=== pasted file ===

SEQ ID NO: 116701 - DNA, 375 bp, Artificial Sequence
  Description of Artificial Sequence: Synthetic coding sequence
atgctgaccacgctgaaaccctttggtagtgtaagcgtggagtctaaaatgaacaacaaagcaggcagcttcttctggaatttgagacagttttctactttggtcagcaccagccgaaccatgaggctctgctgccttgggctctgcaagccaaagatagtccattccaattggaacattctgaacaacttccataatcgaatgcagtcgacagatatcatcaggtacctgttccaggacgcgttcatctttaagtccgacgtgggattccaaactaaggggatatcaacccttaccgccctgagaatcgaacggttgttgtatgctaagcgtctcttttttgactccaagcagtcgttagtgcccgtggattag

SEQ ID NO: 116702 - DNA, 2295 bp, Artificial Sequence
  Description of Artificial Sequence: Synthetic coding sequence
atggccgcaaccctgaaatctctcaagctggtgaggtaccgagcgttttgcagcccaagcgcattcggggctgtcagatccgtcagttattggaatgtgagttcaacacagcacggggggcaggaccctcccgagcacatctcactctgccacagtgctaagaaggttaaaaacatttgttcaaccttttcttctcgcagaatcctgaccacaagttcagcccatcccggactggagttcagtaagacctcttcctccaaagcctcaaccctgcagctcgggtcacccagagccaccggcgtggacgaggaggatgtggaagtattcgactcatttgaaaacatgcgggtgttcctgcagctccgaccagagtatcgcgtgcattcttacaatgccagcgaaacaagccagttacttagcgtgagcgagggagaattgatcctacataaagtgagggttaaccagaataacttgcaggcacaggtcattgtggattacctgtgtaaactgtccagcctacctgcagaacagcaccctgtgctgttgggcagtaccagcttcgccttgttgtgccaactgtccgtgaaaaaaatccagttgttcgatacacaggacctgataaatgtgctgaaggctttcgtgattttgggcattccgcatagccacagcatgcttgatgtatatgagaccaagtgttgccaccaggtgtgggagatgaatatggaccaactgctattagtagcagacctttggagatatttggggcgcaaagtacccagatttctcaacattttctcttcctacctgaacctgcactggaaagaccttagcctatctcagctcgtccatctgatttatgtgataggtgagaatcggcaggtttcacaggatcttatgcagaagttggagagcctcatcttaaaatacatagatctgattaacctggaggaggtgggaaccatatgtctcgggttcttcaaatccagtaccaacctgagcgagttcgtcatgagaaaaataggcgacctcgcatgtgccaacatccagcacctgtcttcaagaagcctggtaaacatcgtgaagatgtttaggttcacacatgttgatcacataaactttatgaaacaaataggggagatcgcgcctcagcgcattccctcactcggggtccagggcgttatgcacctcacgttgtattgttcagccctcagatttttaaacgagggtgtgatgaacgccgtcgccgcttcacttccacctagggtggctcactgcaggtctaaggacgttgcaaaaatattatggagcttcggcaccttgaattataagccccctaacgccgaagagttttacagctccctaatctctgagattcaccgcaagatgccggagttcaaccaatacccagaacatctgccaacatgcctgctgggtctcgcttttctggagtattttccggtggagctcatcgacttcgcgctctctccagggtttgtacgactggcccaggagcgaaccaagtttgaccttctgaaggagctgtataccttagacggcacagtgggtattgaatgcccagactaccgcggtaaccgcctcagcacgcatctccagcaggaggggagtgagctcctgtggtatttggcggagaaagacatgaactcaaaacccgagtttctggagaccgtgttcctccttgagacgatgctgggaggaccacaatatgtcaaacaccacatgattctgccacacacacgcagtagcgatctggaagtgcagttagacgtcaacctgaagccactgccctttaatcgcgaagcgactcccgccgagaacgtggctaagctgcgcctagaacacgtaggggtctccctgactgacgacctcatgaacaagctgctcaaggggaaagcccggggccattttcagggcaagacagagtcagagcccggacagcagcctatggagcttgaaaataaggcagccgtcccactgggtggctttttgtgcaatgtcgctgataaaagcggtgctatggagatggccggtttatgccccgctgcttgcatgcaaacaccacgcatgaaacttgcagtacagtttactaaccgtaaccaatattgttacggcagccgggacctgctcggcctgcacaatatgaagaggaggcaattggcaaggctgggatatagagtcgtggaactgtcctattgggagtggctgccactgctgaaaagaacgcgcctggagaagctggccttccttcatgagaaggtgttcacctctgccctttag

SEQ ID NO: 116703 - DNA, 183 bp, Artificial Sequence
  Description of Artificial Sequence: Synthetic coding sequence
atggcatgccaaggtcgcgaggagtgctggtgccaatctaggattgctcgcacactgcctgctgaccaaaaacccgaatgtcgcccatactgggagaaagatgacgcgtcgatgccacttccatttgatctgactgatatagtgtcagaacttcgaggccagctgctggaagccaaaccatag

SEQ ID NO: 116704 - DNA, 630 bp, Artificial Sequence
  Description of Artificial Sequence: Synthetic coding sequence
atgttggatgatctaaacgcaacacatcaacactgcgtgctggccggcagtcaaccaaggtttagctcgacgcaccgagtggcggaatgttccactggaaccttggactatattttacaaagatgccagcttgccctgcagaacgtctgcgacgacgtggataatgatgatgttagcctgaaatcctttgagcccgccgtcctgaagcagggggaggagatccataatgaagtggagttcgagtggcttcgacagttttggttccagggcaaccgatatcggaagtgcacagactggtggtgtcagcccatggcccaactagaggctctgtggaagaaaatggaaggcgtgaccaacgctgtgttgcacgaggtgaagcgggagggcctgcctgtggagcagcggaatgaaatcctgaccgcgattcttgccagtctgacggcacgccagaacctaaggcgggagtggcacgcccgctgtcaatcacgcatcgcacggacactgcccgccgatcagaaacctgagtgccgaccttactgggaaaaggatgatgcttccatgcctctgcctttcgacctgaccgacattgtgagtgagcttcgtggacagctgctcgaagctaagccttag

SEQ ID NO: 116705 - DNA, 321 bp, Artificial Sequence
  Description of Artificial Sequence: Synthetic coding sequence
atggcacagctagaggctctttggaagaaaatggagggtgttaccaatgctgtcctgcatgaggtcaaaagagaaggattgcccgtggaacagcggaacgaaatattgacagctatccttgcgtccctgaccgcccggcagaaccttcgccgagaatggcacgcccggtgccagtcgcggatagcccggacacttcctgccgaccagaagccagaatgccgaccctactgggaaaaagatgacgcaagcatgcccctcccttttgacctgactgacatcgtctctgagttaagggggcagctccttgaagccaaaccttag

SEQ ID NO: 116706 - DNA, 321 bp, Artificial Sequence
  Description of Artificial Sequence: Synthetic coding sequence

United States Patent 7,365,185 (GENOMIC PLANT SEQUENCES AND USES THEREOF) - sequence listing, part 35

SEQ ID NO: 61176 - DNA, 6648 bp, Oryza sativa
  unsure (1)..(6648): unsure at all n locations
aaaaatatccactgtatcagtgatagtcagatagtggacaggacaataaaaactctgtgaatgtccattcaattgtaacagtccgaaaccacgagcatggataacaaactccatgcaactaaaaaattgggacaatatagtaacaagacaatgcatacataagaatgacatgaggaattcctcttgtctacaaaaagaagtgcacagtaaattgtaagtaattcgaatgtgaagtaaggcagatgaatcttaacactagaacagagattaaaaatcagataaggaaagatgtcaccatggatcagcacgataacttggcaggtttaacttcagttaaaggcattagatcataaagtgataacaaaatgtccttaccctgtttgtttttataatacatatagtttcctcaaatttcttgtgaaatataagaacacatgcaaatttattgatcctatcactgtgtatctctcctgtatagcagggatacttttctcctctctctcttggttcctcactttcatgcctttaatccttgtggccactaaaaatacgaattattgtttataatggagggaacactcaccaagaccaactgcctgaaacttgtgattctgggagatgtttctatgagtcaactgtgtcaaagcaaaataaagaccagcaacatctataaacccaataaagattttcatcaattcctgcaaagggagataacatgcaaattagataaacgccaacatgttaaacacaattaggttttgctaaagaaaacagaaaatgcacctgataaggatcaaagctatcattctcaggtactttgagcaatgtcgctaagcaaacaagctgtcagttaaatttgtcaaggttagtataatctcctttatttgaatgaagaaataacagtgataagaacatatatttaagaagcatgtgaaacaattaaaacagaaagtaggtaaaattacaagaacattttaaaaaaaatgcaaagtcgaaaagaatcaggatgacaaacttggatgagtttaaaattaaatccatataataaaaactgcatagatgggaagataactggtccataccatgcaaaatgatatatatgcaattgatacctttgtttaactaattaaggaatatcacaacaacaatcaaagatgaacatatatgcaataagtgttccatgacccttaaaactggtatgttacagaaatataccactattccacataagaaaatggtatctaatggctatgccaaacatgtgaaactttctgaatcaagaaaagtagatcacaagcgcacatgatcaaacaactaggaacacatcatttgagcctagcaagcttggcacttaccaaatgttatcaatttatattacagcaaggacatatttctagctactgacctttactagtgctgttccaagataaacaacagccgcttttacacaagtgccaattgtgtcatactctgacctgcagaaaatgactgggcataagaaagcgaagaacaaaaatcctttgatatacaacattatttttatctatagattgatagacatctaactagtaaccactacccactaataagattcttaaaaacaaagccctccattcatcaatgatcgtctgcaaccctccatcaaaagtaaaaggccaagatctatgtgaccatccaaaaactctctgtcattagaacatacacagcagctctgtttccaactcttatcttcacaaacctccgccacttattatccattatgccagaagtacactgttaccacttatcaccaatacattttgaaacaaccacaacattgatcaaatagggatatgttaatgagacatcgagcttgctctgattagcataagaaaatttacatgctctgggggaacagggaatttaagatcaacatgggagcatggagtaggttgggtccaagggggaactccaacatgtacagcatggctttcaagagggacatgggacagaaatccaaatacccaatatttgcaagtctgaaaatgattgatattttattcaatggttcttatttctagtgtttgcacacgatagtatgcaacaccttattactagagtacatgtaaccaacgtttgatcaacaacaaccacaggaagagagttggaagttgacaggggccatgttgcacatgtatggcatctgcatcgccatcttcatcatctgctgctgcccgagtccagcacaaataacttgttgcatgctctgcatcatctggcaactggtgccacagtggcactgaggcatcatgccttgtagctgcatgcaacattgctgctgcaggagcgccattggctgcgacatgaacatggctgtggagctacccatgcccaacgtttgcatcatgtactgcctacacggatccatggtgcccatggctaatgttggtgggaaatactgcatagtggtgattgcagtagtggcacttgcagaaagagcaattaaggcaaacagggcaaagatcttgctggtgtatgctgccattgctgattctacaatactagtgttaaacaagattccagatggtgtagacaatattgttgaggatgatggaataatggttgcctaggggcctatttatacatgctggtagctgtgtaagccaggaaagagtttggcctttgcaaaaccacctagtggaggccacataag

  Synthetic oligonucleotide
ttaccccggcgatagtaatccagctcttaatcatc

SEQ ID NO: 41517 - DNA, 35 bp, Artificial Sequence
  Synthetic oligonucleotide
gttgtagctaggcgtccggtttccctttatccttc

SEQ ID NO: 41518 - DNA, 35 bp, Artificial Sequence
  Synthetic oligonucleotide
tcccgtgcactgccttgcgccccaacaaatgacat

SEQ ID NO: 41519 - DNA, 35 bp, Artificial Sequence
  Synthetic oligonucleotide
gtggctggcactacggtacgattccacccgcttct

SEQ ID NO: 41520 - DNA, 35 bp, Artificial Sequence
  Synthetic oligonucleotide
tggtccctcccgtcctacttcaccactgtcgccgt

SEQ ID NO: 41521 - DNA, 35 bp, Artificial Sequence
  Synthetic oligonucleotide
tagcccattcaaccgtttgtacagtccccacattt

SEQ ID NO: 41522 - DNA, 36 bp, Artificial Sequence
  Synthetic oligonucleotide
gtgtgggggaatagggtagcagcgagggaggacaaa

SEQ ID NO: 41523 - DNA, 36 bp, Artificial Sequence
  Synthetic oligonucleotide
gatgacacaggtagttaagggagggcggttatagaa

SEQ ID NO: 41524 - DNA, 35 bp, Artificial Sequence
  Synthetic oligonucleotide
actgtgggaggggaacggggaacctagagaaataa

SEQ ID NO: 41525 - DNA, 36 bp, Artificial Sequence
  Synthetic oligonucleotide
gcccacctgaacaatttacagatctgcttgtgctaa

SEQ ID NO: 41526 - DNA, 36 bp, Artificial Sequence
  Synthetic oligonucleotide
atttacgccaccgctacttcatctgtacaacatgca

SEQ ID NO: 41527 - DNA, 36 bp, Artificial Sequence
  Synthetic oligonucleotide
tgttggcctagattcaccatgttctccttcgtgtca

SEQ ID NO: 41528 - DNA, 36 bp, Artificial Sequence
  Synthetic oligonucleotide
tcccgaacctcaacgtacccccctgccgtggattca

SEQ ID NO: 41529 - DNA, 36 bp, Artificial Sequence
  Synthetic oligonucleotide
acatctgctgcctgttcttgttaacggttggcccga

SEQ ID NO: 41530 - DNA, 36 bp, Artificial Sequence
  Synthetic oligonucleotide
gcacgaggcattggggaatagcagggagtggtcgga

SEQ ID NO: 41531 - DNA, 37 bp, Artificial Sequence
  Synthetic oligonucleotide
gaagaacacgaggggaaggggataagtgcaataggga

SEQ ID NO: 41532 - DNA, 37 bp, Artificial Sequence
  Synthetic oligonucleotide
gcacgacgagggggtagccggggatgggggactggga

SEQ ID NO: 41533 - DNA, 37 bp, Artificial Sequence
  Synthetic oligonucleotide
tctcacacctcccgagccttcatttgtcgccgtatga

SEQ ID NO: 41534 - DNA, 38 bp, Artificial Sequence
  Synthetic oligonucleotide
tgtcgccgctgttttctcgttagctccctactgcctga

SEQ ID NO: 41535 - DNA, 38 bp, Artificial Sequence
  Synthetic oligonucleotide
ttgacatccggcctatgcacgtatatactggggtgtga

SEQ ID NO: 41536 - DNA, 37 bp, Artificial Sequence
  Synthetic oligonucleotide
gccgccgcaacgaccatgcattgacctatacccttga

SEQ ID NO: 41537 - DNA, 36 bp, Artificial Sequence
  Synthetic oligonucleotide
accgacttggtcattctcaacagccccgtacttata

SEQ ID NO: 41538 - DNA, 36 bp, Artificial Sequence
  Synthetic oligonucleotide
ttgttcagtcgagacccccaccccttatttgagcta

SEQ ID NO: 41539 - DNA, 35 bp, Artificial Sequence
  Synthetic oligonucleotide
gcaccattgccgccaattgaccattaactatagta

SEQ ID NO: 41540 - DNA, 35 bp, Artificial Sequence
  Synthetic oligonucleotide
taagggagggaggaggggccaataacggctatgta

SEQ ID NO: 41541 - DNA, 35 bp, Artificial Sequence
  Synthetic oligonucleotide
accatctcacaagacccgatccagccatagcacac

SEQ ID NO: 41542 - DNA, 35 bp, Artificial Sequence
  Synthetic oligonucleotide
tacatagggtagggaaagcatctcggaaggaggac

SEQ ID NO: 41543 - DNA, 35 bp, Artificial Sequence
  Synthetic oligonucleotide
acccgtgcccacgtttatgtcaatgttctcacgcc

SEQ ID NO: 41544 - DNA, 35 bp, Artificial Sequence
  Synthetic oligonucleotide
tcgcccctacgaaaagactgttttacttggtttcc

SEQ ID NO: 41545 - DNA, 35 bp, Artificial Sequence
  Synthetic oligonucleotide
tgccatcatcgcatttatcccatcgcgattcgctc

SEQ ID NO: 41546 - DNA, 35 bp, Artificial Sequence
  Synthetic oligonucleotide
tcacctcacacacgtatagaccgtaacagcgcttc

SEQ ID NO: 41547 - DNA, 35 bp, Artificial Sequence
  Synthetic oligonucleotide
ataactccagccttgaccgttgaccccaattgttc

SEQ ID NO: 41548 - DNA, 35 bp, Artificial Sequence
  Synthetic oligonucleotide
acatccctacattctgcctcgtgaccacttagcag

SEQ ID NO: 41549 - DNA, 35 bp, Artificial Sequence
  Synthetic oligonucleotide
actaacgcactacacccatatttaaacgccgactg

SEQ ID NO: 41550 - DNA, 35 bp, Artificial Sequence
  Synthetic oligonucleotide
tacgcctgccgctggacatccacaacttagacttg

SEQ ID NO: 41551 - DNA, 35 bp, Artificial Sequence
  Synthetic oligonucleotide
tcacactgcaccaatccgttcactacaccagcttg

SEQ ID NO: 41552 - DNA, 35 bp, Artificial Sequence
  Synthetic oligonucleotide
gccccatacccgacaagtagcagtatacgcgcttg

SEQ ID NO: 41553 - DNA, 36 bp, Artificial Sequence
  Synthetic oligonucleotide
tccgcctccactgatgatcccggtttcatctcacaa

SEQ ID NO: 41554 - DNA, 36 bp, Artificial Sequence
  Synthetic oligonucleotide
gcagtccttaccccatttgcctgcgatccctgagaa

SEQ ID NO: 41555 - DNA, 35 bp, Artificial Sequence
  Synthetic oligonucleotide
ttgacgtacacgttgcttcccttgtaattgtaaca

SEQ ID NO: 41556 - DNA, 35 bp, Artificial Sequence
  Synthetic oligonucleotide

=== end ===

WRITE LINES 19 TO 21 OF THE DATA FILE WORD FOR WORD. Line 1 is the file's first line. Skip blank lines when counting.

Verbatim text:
SEQ ID NO: 61176 - DNA, 6648 bp, Oryza sativa
  unsure (1)..(6648): unsure at all n locations
aaaaatatccactgtatcagtgatagtcagatagtggacaggacaataaaaactctgtgaatgtccattcaattgtaacagtccgaaaccacgagcatggataacaaactccatgcaactaaaaaattgggacaatatagtaacaagacaatgcatacataagaatgacatgaggaattcctcttgtctacaaaaagaagtgcacagtaaattgtaagtaattcgaatgtgaagtaaggcagatgaatcttaacactagaacagagattaaaaatcagataaggaaagatgtcaccatggatcagcacgataacttggcaggtttaacttcagttaaaggcattagatcataaagtgataacaaaatgtccttaccctgtttgtttttataatacatatagtttcctcaaatttcttgtgaaatataagaacacatgcaaatttattgatcctatcactgtgtatctctcctgtatagcagggatacttttctcctctctctcttggttcctcactttcatgcctttaatccttgtggccactaaaaatacgaattattgtttataatggagggaacactcaccaagaccaactgcctgaaacttgtgattctgggagatgtttctatgagtcaactgtgtcaaagcaaaataaagaccagcaacatctataaacccaataaagattttcatcaattcctgcaaagggagataacatgcaaattagataaacgccaacatgttaaacacaattaggttttgctaaagaaaacagaaaatgcacctgataaggatcaaagctatcattctcaggtactttgagcaatgtcgctaagcaaacaagctgtcagttaaatttgtcaaggttagtataatctcctttatttgaatgaagaaataacagtgataagaacatatatttaagaagcatgtgaaacaattaaaacagaaagtaggtaaaattacaagaacattttaaaaaaaatgcaaagtcgaaaagaatcaggatgacaaacttggatgagtttaaaattaaatccatataataaaaactgcatagatgggaagataactggtccataccatgcaaaatgatatatatgcaattgatacctttgtttaactaattaaggaatatcacaacaacaatcaaagatgaacatatatgcaataagtgttccatgacccttaaaactggtatgttacagaaatataccactattccacataagaaaatggtatctaatggctatgccaaacatgtgaaactttctgaatcaagaaaagtagatcacaagcgcacatgatcaaacaactaggaacacatcatttgagcctagcaagcttggcacttaccaaatgttatcaatttatattacagcaaggacatatttctagctactgacctttactagtgctgttccaagataaacaacagccgcttttacacaagtgccaattgtgtcatactctgacctgcagaaaatgactgggcataagaaagcgaagaacaaaaatcctttgatatacaacattatttttatctatagattgatagacatctaactagtaaccactacccactaataagattcttaaaaacaaagccctccattcatcaatgatcgtctgcaaccctccatcaaaagtaaaaggccaagatctatgtgaccatccaaaaactctctgtcattagaacatacacagcagctctgtttccaactcttatcttcacaaacctccgccacttattatccattatgccagaagtacactgttaccacttatcaccaatacattttgaaacaaccacaacattgatcaaatagggatatgttaatgagacatcgagcttgctctgattagcataagaaaatttacatgctctgggggaacagggaatttaagatcaacatgggagcatggagtaggttgggtccaagggggaactccaacatgtacagcatggctttcaagagggacatgggacagaaatccaaatacccaatatttgcaagtctgaaaatgattgatattttattcaatggttcttatttctagtgtttgcacacgatagtatgcaacaccttattactagagtacatgtaaccaacgtttgatcaacaacaaccacaggaagagagttggaagttgacaggggccatgttgcacatgtatggcatctgcatcgccatcttcatcatctgctgctgcccgagtccagcacaaataacttgttgcatgctctgcatcatctggcaactggtgccacagtggcactgaggcatcatgccttgtagctgcatgcaacattgctgctgcaggagcgccattggctgcgacatgaacatggctgtggagctacccatgcccaacgtttgcatcatgtactgcctacacggatccatggtgcccatggctaatgttggtgggaaatactgcatagtggtgattgcagtagtggcacttgcagaaagagcaattaaggcaaacagggcaaagatcttgctggtgtatgctgccattgctgattctacaatactagtgttaaacaagattccagatggtgtagacaatattgttgaggatgatggaataatggttgcctaggggcctatttatacatgctggtagctgtgtaagccaggaaagagtttggcctttgcaaaaccacctagtggaggccacataag